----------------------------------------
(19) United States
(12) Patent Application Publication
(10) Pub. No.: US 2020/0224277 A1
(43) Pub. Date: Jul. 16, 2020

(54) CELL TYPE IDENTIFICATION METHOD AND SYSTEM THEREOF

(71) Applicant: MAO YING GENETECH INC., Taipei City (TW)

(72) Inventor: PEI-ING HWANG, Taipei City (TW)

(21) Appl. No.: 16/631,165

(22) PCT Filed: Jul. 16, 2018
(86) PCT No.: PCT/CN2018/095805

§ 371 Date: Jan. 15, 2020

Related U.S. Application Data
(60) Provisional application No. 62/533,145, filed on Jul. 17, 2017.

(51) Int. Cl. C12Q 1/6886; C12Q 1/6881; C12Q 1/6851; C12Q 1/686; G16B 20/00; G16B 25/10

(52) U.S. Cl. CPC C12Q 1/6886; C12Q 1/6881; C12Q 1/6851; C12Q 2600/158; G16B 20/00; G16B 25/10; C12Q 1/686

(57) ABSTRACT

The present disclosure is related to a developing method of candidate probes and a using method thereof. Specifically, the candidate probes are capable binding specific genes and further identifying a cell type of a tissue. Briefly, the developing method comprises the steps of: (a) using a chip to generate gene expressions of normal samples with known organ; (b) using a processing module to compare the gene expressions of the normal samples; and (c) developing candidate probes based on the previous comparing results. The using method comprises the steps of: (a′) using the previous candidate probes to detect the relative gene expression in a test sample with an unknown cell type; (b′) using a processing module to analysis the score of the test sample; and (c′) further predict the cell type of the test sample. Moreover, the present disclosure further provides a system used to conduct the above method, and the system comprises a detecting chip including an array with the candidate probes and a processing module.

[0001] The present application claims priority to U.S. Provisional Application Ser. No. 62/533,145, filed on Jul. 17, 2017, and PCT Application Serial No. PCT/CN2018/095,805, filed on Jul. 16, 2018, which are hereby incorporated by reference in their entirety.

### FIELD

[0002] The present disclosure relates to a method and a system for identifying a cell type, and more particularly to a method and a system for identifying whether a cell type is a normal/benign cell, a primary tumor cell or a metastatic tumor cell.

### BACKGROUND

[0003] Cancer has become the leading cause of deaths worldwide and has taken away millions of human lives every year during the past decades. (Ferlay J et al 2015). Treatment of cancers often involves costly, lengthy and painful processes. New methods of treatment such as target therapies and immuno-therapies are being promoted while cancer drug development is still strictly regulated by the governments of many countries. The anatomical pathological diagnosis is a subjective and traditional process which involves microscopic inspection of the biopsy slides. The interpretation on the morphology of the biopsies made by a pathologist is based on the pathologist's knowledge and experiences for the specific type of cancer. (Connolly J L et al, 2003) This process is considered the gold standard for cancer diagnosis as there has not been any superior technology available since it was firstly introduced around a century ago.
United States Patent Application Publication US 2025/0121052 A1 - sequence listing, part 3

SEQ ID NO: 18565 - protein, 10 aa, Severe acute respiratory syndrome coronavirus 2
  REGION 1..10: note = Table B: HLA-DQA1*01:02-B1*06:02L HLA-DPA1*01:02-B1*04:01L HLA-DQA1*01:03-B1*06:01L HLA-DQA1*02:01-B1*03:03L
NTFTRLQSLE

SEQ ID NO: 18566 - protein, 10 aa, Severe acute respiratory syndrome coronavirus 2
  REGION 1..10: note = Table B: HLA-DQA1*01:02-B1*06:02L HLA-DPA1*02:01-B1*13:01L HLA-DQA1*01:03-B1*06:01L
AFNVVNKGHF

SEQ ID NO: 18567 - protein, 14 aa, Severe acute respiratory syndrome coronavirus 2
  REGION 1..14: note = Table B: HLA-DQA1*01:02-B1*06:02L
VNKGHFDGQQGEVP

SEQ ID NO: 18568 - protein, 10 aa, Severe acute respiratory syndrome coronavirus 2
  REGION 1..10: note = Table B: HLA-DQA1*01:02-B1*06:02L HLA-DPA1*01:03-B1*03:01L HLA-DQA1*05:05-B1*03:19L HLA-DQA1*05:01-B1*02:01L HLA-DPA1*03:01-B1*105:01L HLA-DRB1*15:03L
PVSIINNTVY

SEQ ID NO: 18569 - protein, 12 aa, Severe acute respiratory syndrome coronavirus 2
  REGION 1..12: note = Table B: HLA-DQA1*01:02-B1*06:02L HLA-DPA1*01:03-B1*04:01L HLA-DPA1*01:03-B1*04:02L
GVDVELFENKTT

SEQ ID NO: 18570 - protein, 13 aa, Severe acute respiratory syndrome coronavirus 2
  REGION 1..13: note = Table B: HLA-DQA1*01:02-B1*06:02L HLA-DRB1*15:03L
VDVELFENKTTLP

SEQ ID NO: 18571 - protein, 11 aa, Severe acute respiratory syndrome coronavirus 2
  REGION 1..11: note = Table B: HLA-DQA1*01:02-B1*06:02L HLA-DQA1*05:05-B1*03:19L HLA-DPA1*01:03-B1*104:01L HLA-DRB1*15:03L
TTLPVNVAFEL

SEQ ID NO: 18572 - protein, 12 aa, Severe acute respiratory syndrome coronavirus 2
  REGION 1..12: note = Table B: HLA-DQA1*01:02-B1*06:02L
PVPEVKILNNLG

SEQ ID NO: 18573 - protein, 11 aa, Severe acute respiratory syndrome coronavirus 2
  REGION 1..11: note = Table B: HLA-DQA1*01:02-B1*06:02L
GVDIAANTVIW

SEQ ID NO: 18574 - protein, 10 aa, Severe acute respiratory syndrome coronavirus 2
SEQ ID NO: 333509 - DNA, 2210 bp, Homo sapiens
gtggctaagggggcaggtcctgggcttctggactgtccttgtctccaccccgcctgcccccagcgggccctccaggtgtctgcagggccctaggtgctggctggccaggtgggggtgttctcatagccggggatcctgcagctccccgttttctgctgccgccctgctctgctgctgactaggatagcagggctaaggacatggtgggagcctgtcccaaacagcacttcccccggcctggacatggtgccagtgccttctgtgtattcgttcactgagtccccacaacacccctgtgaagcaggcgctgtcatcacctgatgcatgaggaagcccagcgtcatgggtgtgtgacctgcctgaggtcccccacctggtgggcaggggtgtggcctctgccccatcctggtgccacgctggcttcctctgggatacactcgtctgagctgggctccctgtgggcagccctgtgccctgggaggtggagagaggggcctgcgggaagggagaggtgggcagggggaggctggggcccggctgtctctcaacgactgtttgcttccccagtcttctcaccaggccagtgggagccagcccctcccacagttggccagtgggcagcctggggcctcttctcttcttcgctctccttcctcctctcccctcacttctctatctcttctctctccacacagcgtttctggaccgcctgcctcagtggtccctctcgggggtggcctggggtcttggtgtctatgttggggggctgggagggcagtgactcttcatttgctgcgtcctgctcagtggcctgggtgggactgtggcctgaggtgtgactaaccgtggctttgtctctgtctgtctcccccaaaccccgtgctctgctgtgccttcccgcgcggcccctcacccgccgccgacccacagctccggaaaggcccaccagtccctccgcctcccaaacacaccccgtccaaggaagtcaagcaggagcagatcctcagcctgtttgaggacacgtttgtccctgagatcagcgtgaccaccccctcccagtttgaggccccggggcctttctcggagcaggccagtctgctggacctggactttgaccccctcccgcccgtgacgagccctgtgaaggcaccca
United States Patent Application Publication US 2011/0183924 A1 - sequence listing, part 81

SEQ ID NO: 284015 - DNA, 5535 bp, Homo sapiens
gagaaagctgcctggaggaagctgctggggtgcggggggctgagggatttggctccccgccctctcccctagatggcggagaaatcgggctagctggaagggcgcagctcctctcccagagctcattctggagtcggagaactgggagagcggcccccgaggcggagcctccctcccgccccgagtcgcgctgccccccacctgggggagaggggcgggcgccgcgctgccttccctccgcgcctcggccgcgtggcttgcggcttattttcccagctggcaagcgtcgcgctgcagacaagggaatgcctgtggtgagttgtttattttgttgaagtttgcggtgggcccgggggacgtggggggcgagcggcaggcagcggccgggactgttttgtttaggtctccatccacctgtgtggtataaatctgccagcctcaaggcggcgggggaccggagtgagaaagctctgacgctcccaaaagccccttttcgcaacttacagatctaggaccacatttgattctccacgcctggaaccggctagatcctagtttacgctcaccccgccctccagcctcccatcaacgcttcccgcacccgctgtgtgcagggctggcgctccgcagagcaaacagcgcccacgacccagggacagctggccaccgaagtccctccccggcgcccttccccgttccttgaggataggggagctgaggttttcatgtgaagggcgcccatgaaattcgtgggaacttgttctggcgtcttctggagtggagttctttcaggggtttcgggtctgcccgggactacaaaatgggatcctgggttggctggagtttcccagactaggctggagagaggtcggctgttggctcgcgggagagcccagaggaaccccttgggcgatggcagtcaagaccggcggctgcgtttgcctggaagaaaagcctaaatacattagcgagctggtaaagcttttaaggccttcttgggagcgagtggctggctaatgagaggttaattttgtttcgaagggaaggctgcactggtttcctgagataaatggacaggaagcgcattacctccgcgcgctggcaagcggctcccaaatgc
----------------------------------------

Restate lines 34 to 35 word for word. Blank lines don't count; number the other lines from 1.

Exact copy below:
  REGION 1..10: note = Table B: HLA-DQA1*01:02-B1*06:02L HLA-DPA1*01:03-B1*03:01L HLA-DQA1*05:05-B1*03:19L HLA-DQA1*05:01-B1*02:01L HLA-DPA1*03:01-B1*105:01L HLA-DRB1*15:03L
PVSIINNTVY